The control circuit 6 can communicate a state of the battery circuit 25 to an external device. The control circuit 6 can send out from a data transfer terminal 11 the voltage data of the secondary battery 1, the voltage data of the regenerative capacitor 13, and the battery remaining capacity data. The control circuit might, for example, calculate the battery remaining capacity based on the voltage data of the secondary battery 1 and the regenerative capacitor 13. When the battery circuit in accordance with the present invention is used in a portable device, such as a notebook or other portable computer, it is possible to display how much time remains before the charge runs out based on the data gained from the data transfer terminal 11.

Operational modes of the illustrated battery circuit are explained with reference to FIG. 5. In FIG. 5, the x-axis represents time and the y-axis represents electric voltage or current. Control voltages of the first switch 2 and the second switch 3 are represented by VS1 and VS2, respectively. When the control voltages VS1 and VS2 are high, the switches are conducting (ON), whereas when the control voltages are low, the switches are nonconducting (OFF). Iload represents an amount of current consumed by the load 12. Here, the load current Iload is presumed to be a constant, low current. Icin and Vcin represent the current that flows into the regenerative capacitor 13 and the terminal voltage of the regenerative capacitor 13, respectively. When the first switch 2 is ON, the current flows from the drain of the second transistor 5 into the regenerative capacitor 13. This direction of flow is set to be a positive Icin direction. The voltage of the regenerative capacitor 13, Vcin, increases as more current flows. When the second switch 3 is ON, the current flows from the regenerative capacitor 13 to the load 12. This direction of flow is set to be a negative Icin direction. At this point, the voltage of the regenerative capacitor 13, Vcin, decreases because the current is flowing out of it. A terminal voltage of the second battery 1, which is represented as Vbatt in FIG. 5, decreases as the current flows from the battery 1 to the regenerative capacitor 13.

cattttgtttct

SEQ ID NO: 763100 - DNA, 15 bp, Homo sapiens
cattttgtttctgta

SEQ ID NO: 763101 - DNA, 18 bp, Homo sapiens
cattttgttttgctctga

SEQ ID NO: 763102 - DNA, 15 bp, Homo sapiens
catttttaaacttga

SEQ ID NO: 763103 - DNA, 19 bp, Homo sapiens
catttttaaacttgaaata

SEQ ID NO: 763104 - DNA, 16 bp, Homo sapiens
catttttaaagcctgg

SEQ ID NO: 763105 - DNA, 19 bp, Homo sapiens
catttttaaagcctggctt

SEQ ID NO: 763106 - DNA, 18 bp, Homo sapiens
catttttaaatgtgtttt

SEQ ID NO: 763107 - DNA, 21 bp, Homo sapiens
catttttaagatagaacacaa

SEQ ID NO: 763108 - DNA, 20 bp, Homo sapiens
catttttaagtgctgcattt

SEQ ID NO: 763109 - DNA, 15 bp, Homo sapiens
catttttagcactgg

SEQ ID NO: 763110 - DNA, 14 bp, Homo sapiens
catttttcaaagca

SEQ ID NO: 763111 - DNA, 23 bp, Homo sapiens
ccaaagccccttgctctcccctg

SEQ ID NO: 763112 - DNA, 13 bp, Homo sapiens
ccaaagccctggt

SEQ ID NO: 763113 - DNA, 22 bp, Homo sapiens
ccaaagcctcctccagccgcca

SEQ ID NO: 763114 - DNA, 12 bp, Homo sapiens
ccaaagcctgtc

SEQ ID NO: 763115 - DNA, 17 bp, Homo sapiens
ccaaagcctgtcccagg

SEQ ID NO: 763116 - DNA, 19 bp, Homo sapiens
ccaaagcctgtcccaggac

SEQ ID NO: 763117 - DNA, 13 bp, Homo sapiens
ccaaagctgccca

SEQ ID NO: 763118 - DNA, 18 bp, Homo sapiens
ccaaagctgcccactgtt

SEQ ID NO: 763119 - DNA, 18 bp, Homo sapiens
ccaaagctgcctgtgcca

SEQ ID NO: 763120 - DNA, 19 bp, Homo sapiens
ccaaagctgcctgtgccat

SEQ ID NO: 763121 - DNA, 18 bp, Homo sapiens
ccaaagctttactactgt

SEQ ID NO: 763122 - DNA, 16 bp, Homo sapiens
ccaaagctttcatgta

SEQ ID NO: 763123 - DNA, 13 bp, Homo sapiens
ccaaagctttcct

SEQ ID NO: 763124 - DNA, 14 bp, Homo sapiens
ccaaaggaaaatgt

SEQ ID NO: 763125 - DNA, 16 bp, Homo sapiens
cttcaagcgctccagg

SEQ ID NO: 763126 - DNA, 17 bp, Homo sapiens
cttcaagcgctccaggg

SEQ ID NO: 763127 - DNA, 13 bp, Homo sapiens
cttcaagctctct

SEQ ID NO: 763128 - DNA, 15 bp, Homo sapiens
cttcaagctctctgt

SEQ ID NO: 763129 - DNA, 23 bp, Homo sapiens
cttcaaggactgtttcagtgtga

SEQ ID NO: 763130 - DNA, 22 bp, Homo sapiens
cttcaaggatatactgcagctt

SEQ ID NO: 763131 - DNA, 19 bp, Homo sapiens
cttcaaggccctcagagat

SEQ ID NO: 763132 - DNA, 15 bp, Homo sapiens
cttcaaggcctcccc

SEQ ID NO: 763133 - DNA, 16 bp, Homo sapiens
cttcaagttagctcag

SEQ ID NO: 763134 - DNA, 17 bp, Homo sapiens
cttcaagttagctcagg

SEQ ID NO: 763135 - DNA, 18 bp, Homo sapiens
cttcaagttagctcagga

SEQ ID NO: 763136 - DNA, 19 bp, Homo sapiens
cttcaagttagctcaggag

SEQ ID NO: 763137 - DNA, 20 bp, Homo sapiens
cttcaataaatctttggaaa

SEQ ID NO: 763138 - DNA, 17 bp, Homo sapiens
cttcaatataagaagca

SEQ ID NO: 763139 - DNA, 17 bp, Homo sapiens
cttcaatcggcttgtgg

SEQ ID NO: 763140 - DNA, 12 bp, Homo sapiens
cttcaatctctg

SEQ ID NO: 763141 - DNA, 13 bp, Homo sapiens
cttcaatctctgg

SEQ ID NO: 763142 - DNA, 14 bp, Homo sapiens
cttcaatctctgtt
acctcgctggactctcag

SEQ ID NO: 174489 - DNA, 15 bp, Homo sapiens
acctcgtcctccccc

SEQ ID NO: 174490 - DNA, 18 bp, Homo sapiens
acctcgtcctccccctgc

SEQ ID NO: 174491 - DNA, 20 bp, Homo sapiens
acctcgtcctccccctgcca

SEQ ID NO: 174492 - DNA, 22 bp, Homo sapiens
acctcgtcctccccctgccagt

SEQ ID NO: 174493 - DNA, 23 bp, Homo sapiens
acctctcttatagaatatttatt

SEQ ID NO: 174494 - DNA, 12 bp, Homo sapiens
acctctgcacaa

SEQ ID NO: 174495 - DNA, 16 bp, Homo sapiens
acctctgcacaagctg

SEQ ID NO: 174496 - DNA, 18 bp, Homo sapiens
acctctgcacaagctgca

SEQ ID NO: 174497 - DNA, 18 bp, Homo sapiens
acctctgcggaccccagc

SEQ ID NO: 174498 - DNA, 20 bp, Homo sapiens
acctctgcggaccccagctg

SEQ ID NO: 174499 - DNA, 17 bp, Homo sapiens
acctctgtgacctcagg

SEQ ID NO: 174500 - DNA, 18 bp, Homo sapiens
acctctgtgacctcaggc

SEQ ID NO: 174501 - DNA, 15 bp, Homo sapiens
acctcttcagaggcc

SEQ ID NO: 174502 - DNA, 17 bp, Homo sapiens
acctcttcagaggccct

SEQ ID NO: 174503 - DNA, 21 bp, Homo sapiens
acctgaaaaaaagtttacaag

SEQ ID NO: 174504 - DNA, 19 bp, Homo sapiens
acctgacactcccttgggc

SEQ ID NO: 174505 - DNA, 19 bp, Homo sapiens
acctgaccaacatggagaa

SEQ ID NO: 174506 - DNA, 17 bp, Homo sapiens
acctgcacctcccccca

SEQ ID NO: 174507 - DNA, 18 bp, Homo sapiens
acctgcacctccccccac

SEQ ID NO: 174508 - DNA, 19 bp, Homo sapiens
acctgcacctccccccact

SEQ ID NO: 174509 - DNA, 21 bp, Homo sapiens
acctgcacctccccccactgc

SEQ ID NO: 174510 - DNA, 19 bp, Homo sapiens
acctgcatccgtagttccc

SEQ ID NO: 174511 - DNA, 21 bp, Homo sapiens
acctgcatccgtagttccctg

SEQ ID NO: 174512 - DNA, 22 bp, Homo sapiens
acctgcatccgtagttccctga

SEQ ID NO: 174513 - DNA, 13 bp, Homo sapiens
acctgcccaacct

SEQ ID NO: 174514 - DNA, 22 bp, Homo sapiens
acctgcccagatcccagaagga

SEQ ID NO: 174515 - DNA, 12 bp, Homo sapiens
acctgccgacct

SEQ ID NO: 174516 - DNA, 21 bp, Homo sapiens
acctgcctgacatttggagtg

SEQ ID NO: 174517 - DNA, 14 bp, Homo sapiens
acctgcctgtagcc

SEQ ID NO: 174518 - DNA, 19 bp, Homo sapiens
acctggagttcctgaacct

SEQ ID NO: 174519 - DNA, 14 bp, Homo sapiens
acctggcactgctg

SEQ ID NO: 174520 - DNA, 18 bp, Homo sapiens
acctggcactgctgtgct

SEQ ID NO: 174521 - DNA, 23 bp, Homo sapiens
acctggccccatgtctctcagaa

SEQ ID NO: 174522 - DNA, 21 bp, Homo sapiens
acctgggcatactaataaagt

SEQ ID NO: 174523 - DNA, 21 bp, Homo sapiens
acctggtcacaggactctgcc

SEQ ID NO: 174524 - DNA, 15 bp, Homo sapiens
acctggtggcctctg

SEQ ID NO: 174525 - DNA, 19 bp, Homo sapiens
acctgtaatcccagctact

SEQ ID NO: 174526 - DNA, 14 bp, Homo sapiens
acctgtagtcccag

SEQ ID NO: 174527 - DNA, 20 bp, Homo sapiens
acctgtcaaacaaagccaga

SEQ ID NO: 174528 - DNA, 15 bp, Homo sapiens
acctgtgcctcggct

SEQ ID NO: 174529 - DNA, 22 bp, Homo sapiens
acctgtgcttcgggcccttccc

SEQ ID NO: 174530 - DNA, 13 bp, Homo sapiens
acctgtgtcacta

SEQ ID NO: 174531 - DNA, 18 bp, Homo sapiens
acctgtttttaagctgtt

FIG. 6 is a table that further illustrates operation of the illustrated embodiment. The table contains information relating to the ON/OFF states of the first switch 2 and the second switch 3, and the charge-and-discharge condition of the secondary battery 1 and the regenerative capacitor 13 in different periods. FIG. 5 indicates the different periods of the FIG. 6 table by an arrow and a numeral. As will be explained below, FIG. 5 also illustrates a timing at which the voltages of the secondary battery 1 and the regenerative capacitor 13 are measured.